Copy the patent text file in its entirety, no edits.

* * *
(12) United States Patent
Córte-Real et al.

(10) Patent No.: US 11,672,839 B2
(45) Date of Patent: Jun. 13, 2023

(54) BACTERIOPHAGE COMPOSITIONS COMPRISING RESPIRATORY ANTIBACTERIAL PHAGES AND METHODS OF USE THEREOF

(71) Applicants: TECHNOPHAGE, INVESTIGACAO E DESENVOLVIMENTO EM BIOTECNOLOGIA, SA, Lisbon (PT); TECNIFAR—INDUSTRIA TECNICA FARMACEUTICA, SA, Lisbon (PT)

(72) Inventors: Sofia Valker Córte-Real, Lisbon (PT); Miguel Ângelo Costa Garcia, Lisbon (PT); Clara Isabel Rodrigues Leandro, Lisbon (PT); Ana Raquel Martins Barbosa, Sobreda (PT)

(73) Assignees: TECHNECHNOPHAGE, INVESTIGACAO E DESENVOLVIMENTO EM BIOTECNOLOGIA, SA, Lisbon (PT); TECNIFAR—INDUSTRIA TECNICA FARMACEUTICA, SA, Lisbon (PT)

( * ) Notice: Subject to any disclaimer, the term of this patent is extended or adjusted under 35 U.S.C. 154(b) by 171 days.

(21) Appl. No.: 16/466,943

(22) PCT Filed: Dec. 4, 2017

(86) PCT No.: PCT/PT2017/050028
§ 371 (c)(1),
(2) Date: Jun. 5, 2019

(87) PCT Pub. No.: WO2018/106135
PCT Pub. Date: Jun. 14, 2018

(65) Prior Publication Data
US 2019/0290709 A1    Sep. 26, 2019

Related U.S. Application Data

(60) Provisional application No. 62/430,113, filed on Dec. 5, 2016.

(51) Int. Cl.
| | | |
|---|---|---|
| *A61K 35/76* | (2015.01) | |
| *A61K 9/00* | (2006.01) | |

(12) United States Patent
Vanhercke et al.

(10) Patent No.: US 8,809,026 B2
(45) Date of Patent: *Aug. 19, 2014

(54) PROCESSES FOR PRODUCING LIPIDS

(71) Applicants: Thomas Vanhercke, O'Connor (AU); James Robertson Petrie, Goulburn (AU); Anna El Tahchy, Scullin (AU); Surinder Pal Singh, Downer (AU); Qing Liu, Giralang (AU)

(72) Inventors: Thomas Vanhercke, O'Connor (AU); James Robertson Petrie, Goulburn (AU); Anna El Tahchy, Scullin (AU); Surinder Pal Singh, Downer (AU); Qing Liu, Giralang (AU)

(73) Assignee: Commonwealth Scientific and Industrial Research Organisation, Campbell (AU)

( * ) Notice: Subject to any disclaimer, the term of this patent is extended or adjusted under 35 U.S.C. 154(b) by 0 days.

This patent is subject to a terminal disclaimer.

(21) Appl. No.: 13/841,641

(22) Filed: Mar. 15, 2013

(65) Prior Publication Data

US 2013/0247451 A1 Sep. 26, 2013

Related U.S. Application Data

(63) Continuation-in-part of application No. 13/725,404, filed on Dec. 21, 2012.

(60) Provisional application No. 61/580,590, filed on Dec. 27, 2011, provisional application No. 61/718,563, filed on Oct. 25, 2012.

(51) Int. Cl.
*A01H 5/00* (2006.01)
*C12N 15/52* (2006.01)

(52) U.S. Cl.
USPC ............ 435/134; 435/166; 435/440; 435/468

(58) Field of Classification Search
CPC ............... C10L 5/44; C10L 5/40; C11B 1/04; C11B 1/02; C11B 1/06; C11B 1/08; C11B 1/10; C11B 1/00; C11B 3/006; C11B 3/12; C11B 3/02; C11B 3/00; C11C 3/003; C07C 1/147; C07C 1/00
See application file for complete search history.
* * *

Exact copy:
(12) United States Patent
Córte-Real et al.

(10) Patent No.: US 11,672,839 B2
(45) Date of Patent: Jun. 13, 2023

(54) BACTERIOPHAGE COMPOSITIONS COMPRISING RESPIRATORY ANTIBACTERIAL PHAGES AND METHODS OF USE THEREOF

(71) Applicants: TECHNOPHAGE, INVESTIGACAO E DESENVOLVIMENTO EM BIOTECNOLOGIA, SA, Lisbon (PT); TECNIFAR—INDUSTRIA TECNICA FARMACEUTICA, SA, Lisbon (PT)

(72) Inventors: Sofia Valker Córte-Real, Lisbon (PT); Miguel Ângelo Costa Garcia, Lisbon (PT); Clara Isabel Rodrigues Leandro, Lisbon (PT); Ana Raquel Martins Barbosa, Sobreda (PT)

(73) Assignees: TECHNECHNOPHAGE, INVESTIGACAO E DESENVOLVIMENTO EM BIOTECNOLOGIA, SA, Lisbon (PT); TECNIFAR—INDUSTRIA TECNICA FARMACEUTICA, SA, Lisbon (PT)

( * ) Notice: Subject to any disclaimer, the term of this patent is extended or adjusted under 35 U.S.C. 154(b) by 171 days.

(21) Appl. No.: 16/466,943

(22) PCT Filed: Dec. 4, 2017

(86) PCT No.: PCT/PT2017/050028
§ 371 (c)(1),
(2) Date: Jun. 5, 2019

(87) PCT Pub. No.: WO2018/106135
PCT Pub. Date: Jun. 14, 2018

(65) Prior Publication Data
US 2019/0290709 A1    Sep. 26, 2019

Related U.S. Application Data

(60) Provisional application No. 62/430,113, filed on Dec. 5, 2016.

(51) Int. Cl.
| | | |
|---|---|---|
| *A61K 35/76* | (2015.01) | |
| *A61K 9/00* | (2006.01) | |

(12) United States Patent
Vanhercke et al.

(10) Patent No.: US 8,809,026 B2
(45) Date of Patent: *Aug. 19, 2014

(54) PROCESSES FOR PRODUCING LIPIDS

(71) Applicants: Thomas Vanhercke, O'Connor (AU); James Robertson Petrie, Goulburn (AU); Anna El Tahchy, Scullin (AU); Surinder Pal Singh, Downer (AU); Qing Liu, Giralang (AU)

(72) Inventors: Thomas Vanhercke, O'Connor (AU); James Robertson Petrie, Goulburn (AU); Anna El Tahchy, Scullin (AU); Surinder Pal Singh, Downer (AU); Qing Liu, Giralang (AU)

(73) Assignee: Commonwealth Scientific and Industrial Research Organisation, Campbell (AU)

( * ) Notice: Subject to any disclaimer, the term of this patent is extended or adjusted under 35 U.S.C. 154(b) by 0 days.

This patent is subject to a terminal disclaimer.

(21) Appl. No.: 13/841,641

(22) Filed: Mar. 15, 2013

(65) Prior Publication Data

US 2013/0247451 A1 Sep. 26, 2013

Related U.S. Application Data

(63) Continuation-in-part of application No. 13/725,404, filed on Dec. 21, 2012.

(60) Provisional application No. 61/580,590, filed on Dec. 27, 2011, provisional application No. 61/718,563, filed on Oct. 25, 2012.

(51) Int. Cl.
*A01H 5/00* (2006.01)
*C12N 15/52* (2006.01)

(52) U.S. Cl.
USPC ............ 435/134; 435/166; 435/440; 435/468

(58) Field of Classification Search
CPC ............... C10L 5/44; C10L 5/40; C11B 1/04; C11B 1/02; C11B 1/06; C11B 1/08; C11B 1/10; C11B 1/00; C11B 3/006; C11B 3/12; C11B 3/02; C11B 3/00; C11C 3/003; C07C 1/147; C07C 1/00
See application file for complete search history.